If someone you know has depression, you may feel helpless and wonder what to do. However, a good starting point is to understand that depression isn‘t anyone’s fault or failing. It’s also not something your loved one can easily manage without help from a healthcare professional — and from supportive friends and family. This knowledge can provide the courage and motivation to find ways you can offer support and care. While you can’t fix someone’s depression, your support and understanding can help. Here are some ways you can do so:
Educate yourself about depression
There are many resources to do so, including at Mayo Clinic and the National Institute of Mental Health. The more you learn about depression, how it affects people and how it can be treated, the better you’ll be able help someone else.
Express your concern
Acknowledge the person’s pain and struggles without implying that you know how they feel. Listen if they want to talk, but don’t try to push the person into talking and don’t ask intrusive questions. Being withdrawn is often part of the illness. Don’t take it personally.
Ask how you can help
Your loved one may not have specific suggestions of things that you can do, but they will know that you’re there and willing to be supportive. Offer hope. Remind the individual that depression is treatable, and that they will likely get better with the right treatment and support. If your loved one is undergoing treatment, gently remind them that it takes time for treatment to work.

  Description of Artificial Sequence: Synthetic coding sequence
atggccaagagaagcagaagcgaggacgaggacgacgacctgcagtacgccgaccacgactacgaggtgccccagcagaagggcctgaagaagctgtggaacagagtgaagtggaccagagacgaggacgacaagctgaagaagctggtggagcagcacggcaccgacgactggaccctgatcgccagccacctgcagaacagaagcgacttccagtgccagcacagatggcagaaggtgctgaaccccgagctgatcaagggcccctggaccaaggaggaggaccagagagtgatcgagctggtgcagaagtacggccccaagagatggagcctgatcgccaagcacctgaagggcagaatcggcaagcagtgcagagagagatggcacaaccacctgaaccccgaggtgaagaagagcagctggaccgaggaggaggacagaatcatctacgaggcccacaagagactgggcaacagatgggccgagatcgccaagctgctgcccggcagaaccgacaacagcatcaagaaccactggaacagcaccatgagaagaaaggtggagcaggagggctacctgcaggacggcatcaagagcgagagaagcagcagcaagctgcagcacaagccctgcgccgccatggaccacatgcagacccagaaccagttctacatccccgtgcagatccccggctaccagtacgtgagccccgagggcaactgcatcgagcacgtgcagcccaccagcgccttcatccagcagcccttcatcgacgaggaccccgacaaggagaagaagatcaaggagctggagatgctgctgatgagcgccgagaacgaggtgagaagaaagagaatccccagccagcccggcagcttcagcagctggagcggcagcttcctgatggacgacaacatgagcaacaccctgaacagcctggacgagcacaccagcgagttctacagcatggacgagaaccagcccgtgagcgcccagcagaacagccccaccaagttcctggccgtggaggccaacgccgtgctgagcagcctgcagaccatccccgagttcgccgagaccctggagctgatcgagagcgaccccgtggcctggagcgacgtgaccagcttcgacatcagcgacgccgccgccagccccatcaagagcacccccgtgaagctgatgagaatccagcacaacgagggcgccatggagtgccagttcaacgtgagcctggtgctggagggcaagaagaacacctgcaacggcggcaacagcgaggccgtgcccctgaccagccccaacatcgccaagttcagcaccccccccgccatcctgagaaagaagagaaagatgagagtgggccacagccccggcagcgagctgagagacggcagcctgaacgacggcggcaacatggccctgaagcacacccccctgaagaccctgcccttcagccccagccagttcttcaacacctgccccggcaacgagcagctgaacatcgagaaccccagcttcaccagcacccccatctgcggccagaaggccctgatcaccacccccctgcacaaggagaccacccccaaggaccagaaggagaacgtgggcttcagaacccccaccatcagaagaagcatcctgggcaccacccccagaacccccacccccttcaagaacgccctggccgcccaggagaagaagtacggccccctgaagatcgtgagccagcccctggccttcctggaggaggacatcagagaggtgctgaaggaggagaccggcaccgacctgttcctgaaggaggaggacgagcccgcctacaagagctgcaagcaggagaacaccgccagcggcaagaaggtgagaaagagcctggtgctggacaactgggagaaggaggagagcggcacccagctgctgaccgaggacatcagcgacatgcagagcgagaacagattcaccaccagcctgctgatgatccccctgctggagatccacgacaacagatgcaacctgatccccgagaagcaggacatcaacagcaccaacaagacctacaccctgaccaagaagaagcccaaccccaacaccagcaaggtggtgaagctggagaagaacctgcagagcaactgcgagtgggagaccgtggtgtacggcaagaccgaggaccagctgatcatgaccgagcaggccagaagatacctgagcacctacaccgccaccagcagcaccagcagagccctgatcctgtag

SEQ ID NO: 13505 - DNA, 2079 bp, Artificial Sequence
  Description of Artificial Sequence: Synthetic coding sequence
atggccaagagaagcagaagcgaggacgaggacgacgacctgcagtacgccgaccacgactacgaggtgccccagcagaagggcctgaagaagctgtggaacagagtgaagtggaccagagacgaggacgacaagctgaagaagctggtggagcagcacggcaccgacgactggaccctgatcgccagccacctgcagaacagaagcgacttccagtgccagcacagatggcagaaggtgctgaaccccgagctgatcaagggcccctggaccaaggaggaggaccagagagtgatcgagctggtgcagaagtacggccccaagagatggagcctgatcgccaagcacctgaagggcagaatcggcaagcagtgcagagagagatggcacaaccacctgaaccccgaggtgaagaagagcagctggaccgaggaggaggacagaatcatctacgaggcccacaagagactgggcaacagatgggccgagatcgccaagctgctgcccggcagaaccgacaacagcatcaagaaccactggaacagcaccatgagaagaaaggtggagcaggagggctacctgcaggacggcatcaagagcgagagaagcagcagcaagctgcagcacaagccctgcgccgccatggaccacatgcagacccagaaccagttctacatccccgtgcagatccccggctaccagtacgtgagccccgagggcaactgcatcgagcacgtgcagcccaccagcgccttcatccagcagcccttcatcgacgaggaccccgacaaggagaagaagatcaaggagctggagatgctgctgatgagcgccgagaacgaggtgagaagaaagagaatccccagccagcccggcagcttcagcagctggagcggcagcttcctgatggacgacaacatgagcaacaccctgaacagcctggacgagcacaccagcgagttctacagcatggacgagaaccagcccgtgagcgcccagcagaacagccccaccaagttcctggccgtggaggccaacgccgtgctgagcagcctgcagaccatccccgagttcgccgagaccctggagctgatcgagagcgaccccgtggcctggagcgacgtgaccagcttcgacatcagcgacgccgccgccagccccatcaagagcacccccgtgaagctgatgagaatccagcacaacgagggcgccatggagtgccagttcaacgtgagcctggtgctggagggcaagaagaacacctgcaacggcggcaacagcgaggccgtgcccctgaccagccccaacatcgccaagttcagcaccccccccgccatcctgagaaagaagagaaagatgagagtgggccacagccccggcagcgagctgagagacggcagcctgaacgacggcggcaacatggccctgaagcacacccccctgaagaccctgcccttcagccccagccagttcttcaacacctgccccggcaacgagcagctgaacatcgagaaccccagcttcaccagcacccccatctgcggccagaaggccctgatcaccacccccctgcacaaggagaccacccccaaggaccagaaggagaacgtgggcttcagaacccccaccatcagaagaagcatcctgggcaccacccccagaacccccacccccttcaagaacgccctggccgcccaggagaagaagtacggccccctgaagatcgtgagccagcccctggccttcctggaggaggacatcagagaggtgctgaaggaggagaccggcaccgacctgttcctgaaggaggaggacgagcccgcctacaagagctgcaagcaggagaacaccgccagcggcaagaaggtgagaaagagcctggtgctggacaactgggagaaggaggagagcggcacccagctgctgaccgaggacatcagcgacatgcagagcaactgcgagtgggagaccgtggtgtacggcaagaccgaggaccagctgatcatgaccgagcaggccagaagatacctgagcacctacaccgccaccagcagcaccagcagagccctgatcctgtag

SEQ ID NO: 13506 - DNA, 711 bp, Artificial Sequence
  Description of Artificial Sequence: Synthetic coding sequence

Give positive reinforcement
Depressed people often feel worthless, and they dwell on their faults and shortcomings. Remind your loved one of their strengths and competencies and how much they mean to you.
Keep your sense of humor
You’re likely to feel frustrated and even angry at times. That’s OK, but try not to vent in front of the person and don’t take your anger out on them. Use humor to reduce tension and to lighten the atmosphere, but don’t make jokes at your loved one’s expense.
Encourage healthy behavior and activities
Invite your loved one to join you in doing activities or visiting family or mutual friends. But don’t push too hard or expect too much too soon. Also, gently remind the individual of the benefits of exercise and a healthy diet. Plan to make changes together to support each other.
Be aware of suicide risk
If you or someone you know is thinking, talking, posting on social media sites or texting about suicide, get help right away. The National Suicide Prevention Lifeline can be reached by dialing 988. It’s free and available 24/7. There are warning signs that a person is preparing for a suicide attempt or is at greater risk of suicide:
• Mood — Displays feelings of serious depression, moodiness or sadness. Shows little energy.
• Communication — Expresses feelings of being worthless or helpless. Talks about being a burden on loved ones. Researches, reads, or writes about suicide or death. Withdraws from family, friends, school or work.
• Behavior — Engages in high-risk behaviors such as reckless driving or physical fights. Increases use of alcohol or illegal drugs.
• Plans — Plans and obtains the means to kill oneself. Buys a gun or stocks up on pills. Gives away possessions or sets affairs in order.
Remember that thoughts and feelings of suicide can be intense, but temporary. Getting them connected to supports such as their treatment team, the National Suicide Prevention Lifeline or the local emergency department is essential.